customer targeting. That is, you can create all the wonderful ads you like, but unless the right people are seeing them, it's money (and time) down the drain. Plus, once you start dabbling in all this, you'll find out how fast your budget dwindles down to zero before you've even had a chance to get a good grasp of what even happened. Don't waste your money on the easily-preventable mistake of neglecting to do some target market analysis. What is Target Market Analysis?? Targeting involves using the incredible treasure trove of data Facebook collects from its users. There are a variety of factors used in skilled audience targeting, including: • demographics (age and location, to name a few) • users' likes and interests • users' connections Target market analysis involves taking a target market and finding out what makes them tick. The goal is to reach a target market of people who don't even realize they need your product or service, and work to change things so that they do. Failing to perform target market analysis before you launch any ad campaign may result in a giant waste of time and money. The steps you'll need to take include conducting market research, establishing who might possibly be interested in your business, and carefully choosing the markets you want to go after. Feeling Overwhelmed? Audience targeting is a lot to handle, and definitely material for a whole new article. Feeling overwhelmed? Most people do, at this point. That's why there's also the option of seeking out the help of a professional. Digital marketing agencies can make quick work out of all this, leaving you time to focus on what you do (and like) the best: you core business activities.


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Anita Cooper Owner and Chief Creative Officer of Kingwood Promotions


rowing up in a military family, Anita Cooper is accustomed to being on the move. From Texas to the Philippines and places in between like New Jersey, Minnesota and Florida, Cooper has called many zip codes home. But Texas has won her heart. Cooper returned to Texas in 2005. An outdoor enthusiast, Cooper says she loves the people in Texas and the proximity to the coast. “The Lake Houston Area has so much to offer in regards to shopping, restaurants, entertainment and outdoor activities, there really is no need to leave town. With Houston so close as well as the coastal areas, I’m so blessed to call it home. I also love the weather and enjoy southern living again,” Cooper said.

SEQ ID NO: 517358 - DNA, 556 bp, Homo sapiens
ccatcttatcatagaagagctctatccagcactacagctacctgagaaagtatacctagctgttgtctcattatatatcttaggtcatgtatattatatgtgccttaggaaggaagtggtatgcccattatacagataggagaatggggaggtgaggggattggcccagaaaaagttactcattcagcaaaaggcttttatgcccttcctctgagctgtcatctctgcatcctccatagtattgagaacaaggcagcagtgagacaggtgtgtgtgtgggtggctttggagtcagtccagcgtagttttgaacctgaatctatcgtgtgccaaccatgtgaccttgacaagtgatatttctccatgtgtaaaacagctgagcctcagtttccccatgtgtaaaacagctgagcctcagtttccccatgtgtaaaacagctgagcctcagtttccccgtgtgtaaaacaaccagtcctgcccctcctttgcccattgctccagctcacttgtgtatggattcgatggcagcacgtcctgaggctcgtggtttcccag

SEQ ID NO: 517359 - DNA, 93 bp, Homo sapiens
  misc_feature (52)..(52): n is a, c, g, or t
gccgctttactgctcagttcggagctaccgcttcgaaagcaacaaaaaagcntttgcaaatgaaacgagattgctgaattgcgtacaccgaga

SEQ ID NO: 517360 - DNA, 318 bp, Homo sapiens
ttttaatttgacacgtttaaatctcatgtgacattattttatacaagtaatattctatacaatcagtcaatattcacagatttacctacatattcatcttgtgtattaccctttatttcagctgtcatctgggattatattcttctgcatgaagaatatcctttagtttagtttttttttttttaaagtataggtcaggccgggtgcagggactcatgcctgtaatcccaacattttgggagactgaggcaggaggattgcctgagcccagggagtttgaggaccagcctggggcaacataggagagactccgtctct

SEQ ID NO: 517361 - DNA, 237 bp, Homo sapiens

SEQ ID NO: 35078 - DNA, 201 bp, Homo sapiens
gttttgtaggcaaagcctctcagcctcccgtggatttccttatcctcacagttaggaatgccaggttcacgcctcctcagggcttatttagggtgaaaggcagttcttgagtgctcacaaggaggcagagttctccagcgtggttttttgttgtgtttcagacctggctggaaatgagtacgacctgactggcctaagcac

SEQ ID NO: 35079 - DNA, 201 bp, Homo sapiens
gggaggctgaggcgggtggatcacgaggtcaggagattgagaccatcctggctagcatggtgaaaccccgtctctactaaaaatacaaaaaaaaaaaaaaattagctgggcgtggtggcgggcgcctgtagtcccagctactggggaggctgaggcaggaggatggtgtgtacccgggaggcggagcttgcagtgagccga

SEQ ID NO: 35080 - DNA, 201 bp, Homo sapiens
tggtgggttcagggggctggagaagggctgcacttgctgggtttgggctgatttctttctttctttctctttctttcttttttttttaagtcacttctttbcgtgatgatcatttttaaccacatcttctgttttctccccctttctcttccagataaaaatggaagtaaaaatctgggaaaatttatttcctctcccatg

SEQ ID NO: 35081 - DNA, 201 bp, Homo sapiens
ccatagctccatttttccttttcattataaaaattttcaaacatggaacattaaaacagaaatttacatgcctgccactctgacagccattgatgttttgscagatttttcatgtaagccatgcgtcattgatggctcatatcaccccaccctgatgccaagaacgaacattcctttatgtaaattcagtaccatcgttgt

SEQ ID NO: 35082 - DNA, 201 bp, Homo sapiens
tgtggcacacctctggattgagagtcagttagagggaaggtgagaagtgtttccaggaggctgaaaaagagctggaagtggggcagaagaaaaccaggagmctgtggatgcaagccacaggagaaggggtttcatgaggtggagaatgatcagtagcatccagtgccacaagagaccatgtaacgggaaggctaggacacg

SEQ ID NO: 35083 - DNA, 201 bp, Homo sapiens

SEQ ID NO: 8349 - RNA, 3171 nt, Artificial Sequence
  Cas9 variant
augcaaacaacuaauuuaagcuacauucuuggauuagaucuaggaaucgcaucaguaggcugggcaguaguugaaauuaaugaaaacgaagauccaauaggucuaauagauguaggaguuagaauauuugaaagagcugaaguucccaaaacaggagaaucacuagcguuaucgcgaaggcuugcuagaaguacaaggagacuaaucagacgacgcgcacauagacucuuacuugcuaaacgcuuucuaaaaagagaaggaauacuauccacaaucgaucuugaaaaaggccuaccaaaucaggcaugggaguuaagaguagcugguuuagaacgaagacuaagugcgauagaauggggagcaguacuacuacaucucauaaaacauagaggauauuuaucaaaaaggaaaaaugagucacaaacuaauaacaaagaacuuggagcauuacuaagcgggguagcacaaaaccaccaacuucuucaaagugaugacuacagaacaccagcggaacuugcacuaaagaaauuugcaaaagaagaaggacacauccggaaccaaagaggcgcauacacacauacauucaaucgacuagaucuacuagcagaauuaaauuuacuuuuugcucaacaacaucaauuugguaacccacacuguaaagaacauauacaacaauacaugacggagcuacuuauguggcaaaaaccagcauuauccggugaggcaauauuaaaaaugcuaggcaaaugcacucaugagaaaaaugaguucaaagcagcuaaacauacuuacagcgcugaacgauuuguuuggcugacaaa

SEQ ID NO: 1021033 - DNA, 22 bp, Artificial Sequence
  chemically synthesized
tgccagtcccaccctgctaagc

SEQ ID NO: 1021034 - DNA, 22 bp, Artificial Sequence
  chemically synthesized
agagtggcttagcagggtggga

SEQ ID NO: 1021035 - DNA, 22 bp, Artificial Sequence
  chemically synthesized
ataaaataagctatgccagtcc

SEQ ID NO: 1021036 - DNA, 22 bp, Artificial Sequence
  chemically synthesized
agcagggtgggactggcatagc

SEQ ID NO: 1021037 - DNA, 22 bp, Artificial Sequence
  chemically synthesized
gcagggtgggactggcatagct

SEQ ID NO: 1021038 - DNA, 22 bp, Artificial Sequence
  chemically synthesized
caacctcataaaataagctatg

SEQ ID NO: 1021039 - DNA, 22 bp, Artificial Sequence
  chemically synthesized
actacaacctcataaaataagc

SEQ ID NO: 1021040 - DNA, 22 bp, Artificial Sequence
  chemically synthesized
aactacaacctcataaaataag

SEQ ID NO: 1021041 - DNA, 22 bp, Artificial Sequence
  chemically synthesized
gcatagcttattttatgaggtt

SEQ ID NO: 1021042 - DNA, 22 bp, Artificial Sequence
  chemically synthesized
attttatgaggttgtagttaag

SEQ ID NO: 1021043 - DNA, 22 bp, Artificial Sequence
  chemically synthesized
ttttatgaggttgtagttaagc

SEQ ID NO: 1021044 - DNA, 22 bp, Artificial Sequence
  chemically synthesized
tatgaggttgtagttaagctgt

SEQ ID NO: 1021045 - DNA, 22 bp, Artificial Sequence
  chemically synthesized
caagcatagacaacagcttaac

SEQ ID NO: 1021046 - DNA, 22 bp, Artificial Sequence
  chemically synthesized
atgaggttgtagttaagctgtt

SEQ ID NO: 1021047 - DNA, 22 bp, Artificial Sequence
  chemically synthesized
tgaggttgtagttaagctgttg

“The decision to get involved in your community should come from your heart, and it’s your heart the community needs.” Cooper started her small business in the Lake Houston Area in 2009. She says her passion is to work in an environment where she can make a difference in her own community. With no plans to relocate again, she is happily rooted in the Lake Houston community and is owner and Chief Creative Officer of Kingwood Promotions. What does Kingwood Promotions do? Well, one might say Cooper and her staff are helpers — in every way. “I help my customers get customers; by that I mean through the power of promotional products I can help them attract new customers and improve client relations. I also help them improve customer retention, increase repeat business, encourage and motivate staff, express appreciation and 20 | Lake Houston Business Matters

cultivate goodwill in the community,” Cooper said. “I enjoy being part of a team that can brainstorm and create ideas or events to help promote a cause or entity,” Cooper said. Well versed in helping others on the business front, Cooper is also no stranger to volunteerism and says it was her business that ignited her passion for giving back to the community. Currently, Cooper is a member of the Board of Directors for the Greater East Montgomery County Chamber and oversees the Membership Committee. She is a Humble Citizens Police Academy Alumni and serves during the Good Oil Days, Christmas Parade, Police Association Crawfish Boil and volunteers monthly at Humble Municipal Court House for traffic court. Cooper also serves as an Ambassador for the Lake Houston Area Chamber where she volunteers for various events as well as for the Annual Total Resource Campaign. “Volunteering brings people together where you can make a difference and every person counts,” Cooper said. “A memorable moment for me happens each year when I volunteer at the Humble Thanksgiving Feast at the Civic Center. Helping the people of our community get meals when otherwise they would have none keeps me humble and thankful. My heart is full when I see how many people are fed and they are so appreciative.” Cooper’s passions lie beyond her business and volunteer work. “I am most passionate about roles that allow me to help people directly to realize their goals and potential growth in our community,” Cooper said.